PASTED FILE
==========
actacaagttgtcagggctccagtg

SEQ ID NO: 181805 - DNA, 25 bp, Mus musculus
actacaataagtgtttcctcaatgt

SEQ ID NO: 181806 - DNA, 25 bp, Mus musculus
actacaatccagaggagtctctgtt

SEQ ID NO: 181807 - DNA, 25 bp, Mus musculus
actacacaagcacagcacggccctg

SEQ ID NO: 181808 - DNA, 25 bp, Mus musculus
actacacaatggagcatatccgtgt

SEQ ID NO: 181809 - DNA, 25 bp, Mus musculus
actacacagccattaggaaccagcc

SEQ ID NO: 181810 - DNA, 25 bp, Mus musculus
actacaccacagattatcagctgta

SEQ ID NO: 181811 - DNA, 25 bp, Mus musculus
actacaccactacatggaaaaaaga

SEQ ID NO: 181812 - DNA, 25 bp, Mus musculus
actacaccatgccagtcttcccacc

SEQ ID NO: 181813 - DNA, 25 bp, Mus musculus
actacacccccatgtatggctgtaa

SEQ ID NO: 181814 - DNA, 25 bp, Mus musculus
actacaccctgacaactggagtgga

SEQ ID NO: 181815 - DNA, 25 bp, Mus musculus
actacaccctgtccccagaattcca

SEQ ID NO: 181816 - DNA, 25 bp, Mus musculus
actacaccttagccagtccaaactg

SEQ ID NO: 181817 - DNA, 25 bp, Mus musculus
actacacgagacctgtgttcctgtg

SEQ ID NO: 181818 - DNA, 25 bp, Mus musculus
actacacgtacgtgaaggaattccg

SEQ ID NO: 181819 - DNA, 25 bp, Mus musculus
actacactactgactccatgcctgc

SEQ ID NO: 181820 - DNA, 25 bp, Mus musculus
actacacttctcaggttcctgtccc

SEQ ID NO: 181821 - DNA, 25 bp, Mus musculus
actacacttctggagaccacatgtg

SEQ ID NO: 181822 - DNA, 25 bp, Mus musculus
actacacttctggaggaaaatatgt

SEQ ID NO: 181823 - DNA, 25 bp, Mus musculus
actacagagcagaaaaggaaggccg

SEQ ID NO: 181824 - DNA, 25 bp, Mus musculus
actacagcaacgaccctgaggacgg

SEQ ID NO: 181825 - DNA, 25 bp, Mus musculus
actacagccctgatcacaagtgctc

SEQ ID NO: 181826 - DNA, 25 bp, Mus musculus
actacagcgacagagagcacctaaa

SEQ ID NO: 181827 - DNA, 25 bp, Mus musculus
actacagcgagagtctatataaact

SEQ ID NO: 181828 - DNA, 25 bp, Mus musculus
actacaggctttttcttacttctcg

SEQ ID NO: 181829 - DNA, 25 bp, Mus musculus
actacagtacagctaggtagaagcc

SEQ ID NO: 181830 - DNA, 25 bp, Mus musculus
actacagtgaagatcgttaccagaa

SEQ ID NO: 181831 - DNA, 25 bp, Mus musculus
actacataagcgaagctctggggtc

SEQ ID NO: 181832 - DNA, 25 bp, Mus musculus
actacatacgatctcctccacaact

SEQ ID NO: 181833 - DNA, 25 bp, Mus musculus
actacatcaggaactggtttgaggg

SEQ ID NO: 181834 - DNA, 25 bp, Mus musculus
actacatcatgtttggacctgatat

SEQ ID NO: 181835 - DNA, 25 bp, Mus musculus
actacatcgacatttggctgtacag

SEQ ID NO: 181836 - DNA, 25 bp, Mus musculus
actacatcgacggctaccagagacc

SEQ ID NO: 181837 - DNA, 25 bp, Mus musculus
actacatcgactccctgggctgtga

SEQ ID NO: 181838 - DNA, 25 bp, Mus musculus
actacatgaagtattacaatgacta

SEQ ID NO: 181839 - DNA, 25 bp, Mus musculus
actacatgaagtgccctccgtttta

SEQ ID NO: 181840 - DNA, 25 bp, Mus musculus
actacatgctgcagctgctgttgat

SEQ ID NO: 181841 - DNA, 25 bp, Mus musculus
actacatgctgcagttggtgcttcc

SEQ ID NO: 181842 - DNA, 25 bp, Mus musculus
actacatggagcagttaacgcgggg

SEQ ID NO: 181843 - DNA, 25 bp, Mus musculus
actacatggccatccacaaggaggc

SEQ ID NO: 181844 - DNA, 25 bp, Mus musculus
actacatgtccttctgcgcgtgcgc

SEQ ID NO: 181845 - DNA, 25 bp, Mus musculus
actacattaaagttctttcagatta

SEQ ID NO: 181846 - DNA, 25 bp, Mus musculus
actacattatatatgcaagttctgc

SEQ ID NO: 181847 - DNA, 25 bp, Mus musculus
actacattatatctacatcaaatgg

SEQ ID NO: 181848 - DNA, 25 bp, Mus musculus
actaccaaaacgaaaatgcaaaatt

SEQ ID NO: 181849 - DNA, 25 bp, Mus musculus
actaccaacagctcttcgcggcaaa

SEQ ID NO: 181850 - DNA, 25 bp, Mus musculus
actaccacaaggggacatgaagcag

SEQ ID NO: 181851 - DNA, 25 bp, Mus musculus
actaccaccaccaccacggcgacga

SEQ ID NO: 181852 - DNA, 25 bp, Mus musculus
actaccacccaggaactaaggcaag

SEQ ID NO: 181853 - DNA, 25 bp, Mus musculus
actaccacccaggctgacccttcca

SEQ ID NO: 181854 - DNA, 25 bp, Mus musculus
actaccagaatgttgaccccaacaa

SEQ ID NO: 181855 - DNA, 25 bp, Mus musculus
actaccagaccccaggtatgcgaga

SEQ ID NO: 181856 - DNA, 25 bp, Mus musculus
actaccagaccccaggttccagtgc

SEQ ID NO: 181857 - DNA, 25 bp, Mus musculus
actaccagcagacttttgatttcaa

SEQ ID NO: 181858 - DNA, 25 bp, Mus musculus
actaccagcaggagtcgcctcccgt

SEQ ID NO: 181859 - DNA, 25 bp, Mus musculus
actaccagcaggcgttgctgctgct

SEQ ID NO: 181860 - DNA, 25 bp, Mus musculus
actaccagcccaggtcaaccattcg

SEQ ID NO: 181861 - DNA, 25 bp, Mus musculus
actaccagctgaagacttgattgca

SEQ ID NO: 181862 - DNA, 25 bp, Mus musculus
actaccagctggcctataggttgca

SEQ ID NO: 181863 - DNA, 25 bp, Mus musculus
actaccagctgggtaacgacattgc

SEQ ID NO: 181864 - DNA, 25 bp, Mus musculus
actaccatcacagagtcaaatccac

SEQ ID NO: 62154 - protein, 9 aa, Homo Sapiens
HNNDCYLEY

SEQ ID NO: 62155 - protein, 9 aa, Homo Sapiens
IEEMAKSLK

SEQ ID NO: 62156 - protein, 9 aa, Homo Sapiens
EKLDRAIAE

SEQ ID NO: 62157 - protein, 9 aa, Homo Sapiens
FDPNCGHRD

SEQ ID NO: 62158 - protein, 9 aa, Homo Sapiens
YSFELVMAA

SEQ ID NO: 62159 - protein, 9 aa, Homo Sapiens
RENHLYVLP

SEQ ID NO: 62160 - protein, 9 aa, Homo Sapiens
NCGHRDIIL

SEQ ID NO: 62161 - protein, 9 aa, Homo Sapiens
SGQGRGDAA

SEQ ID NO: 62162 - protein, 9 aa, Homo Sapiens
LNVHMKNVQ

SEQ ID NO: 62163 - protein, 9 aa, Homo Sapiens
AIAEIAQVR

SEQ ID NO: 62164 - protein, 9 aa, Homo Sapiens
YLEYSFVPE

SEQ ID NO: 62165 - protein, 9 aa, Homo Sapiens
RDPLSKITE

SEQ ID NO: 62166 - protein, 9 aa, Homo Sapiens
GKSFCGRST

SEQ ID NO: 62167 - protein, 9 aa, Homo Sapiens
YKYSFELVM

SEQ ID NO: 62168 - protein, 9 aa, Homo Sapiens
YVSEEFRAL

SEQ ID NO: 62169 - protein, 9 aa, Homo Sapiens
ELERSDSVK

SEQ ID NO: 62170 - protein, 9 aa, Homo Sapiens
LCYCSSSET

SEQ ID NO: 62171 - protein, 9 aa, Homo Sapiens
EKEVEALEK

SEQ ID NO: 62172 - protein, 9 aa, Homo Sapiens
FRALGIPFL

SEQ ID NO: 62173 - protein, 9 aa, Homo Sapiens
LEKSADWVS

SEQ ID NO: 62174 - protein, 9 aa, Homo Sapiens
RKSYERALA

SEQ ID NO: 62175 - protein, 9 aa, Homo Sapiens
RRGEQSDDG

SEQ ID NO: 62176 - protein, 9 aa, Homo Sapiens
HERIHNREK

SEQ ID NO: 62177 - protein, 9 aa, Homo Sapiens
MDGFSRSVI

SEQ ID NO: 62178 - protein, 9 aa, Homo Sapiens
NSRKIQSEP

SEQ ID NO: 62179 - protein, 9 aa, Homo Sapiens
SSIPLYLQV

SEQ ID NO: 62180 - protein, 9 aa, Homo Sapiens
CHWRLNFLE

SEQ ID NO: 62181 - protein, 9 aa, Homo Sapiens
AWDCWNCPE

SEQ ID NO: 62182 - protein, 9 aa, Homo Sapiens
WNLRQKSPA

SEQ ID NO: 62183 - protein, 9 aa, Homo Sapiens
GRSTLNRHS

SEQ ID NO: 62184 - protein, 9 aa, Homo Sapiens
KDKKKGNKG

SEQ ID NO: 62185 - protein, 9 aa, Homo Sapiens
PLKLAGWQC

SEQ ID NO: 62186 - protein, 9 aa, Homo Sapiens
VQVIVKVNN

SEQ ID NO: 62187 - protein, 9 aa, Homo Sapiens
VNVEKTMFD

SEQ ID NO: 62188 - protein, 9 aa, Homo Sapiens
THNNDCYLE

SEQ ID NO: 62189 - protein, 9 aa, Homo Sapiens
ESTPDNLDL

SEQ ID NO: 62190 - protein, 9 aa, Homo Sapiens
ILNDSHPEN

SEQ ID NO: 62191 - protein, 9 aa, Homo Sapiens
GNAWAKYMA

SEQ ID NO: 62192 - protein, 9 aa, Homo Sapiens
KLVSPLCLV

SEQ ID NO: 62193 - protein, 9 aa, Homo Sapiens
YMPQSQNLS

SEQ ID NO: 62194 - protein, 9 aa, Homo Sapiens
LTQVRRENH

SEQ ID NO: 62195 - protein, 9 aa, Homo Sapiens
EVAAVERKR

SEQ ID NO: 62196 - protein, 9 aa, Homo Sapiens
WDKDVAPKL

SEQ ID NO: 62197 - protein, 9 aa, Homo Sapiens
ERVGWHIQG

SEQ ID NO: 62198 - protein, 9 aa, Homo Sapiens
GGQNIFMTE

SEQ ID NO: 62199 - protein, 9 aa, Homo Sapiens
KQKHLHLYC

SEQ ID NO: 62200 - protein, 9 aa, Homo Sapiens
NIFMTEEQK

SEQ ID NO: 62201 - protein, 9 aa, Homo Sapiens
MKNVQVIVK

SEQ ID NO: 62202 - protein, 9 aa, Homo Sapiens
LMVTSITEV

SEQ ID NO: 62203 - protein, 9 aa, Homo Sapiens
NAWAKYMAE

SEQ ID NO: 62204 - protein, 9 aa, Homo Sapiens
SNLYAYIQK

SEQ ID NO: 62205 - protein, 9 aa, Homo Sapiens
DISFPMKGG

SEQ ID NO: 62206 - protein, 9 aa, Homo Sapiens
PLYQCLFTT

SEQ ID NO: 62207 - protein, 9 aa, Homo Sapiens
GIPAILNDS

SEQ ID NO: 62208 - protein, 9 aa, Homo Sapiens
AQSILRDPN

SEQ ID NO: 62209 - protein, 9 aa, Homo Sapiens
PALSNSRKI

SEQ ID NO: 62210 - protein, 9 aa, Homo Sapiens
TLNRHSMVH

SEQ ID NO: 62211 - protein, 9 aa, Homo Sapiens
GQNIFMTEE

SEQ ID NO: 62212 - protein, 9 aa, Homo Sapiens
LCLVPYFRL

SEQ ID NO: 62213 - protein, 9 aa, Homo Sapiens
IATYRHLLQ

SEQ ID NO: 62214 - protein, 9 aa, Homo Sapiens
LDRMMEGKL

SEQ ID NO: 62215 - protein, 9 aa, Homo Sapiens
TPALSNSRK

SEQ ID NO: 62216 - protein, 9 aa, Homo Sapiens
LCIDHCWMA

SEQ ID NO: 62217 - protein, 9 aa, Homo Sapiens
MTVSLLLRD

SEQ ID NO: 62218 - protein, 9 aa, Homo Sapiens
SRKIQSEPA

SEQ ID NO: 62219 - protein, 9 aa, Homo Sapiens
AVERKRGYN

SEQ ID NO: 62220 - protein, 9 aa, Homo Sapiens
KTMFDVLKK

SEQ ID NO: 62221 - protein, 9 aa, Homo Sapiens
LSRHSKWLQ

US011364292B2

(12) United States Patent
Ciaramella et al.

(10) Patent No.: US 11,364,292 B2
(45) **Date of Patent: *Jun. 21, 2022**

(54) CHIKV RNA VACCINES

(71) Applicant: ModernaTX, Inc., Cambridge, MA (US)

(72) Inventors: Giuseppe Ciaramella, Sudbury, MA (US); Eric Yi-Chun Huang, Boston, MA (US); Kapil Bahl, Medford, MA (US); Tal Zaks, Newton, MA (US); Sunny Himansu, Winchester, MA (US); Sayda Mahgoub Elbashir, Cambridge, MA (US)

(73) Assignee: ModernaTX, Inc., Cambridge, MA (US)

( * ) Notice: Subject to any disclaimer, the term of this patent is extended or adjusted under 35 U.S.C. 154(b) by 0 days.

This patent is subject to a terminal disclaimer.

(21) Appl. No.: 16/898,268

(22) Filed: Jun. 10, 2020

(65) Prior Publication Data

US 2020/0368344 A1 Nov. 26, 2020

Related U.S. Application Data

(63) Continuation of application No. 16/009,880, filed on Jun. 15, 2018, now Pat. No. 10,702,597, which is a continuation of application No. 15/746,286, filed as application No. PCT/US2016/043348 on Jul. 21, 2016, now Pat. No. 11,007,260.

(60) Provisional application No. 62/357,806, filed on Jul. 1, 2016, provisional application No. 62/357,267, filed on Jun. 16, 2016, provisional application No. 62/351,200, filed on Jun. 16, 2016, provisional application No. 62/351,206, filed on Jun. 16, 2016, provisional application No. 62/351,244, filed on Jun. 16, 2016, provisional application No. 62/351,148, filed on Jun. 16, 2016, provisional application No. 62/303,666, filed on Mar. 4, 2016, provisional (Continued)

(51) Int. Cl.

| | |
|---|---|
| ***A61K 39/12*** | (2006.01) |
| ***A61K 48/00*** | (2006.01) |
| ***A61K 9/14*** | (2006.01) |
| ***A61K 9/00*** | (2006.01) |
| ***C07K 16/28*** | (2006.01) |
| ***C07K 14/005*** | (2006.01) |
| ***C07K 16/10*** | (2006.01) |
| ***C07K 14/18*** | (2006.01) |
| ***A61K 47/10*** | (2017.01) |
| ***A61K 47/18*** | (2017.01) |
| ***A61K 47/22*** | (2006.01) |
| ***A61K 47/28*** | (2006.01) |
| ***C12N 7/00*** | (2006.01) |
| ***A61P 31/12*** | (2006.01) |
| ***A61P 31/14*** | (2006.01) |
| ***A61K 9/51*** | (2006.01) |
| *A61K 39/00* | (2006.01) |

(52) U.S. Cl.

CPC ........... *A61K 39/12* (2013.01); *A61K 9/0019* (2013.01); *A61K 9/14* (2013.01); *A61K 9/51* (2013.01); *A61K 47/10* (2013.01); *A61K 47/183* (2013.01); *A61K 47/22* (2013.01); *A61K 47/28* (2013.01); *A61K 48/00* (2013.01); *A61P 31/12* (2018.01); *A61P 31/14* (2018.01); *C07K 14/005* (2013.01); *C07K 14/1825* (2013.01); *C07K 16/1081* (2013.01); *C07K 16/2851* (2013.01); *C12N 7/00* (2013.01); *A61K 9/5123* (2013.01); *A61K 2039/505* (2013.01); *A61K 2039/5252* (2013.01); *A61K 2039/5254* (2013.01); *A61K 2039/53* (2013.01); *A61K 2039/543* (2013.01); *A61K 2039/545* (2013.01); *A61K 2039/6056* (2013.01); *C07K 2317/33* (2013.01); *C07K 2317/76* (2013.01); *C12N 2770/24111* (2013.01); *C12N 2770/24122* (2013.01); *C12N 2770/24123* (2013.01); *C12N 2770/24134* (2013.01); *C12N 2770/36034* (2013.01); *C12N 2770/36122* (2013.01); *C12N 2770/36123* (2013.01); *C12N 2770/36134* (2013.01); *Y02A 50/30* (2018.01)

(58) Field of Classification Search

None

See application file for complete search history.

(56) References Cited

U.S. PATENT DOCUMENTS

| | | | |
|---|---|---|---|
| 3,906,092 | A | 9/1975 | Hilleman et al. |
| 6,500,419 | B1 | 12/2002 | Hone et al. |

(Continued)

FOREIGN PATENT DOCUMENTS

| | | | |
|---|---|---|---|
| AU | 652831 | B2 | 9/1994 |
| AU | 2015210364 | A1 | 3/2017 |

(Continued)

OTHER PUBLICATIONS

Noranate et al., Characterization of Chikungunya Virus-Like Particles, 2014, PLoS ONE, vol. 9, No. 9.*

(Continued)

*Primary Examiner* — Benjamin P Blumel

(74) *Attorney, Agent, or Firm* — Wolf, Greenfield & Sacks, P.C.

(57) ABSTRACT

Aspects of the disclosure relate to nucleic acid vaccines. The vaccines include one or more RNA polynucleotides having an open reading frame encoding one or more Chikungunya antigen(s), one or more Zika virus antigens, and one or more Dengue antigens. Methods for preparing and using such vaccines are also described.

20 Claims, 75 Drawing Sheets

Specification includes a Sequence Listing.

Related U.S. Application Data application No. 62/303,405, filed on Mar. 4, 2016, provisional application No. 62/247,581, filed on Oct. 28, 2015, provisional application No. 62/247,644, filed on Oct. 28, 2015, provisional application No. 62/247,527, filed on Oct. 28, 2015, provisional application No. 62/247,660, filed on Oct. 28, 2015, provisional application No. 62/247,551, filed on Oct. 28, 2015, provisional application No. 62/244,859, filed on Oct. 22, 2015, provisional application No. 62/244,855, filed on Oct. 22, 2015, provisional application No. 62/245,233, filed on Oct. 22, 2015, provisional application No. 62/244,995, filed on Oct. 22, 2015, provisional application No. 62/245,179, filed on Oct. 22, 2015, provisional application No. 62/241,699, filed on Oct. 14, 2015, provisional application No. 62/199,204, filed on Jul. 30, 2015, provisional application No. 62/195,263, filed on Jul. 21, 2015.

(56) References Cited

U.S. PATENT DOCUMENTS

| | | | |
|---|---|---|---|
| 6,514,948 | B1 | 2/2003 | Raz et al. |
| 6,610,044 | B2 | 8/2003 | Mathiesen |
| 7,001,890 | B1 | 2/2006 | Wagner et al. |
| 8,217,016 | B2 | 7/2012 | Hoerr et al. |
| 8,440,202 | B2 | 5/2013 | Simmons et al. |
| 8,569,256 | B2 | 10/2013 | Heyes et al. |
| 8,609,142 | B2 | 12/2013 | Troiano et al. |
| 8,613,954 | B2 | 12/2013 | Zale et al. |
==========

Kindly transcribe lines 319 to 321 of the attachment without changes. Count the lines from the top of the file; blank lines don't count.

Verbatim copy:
(57) ABSTRACT

Aspects of the disclosure relate to nucleic acid vaccines. The vaccines include one or more RNA polynucleotides having an open reading frame encoding one or more Chikungunya antigen(s), one or more Zika virus antigens, and one or more Dengue antigens. Methods for preparing and using such vaccines are also described.

20 Claims, 75 Drawing Sheets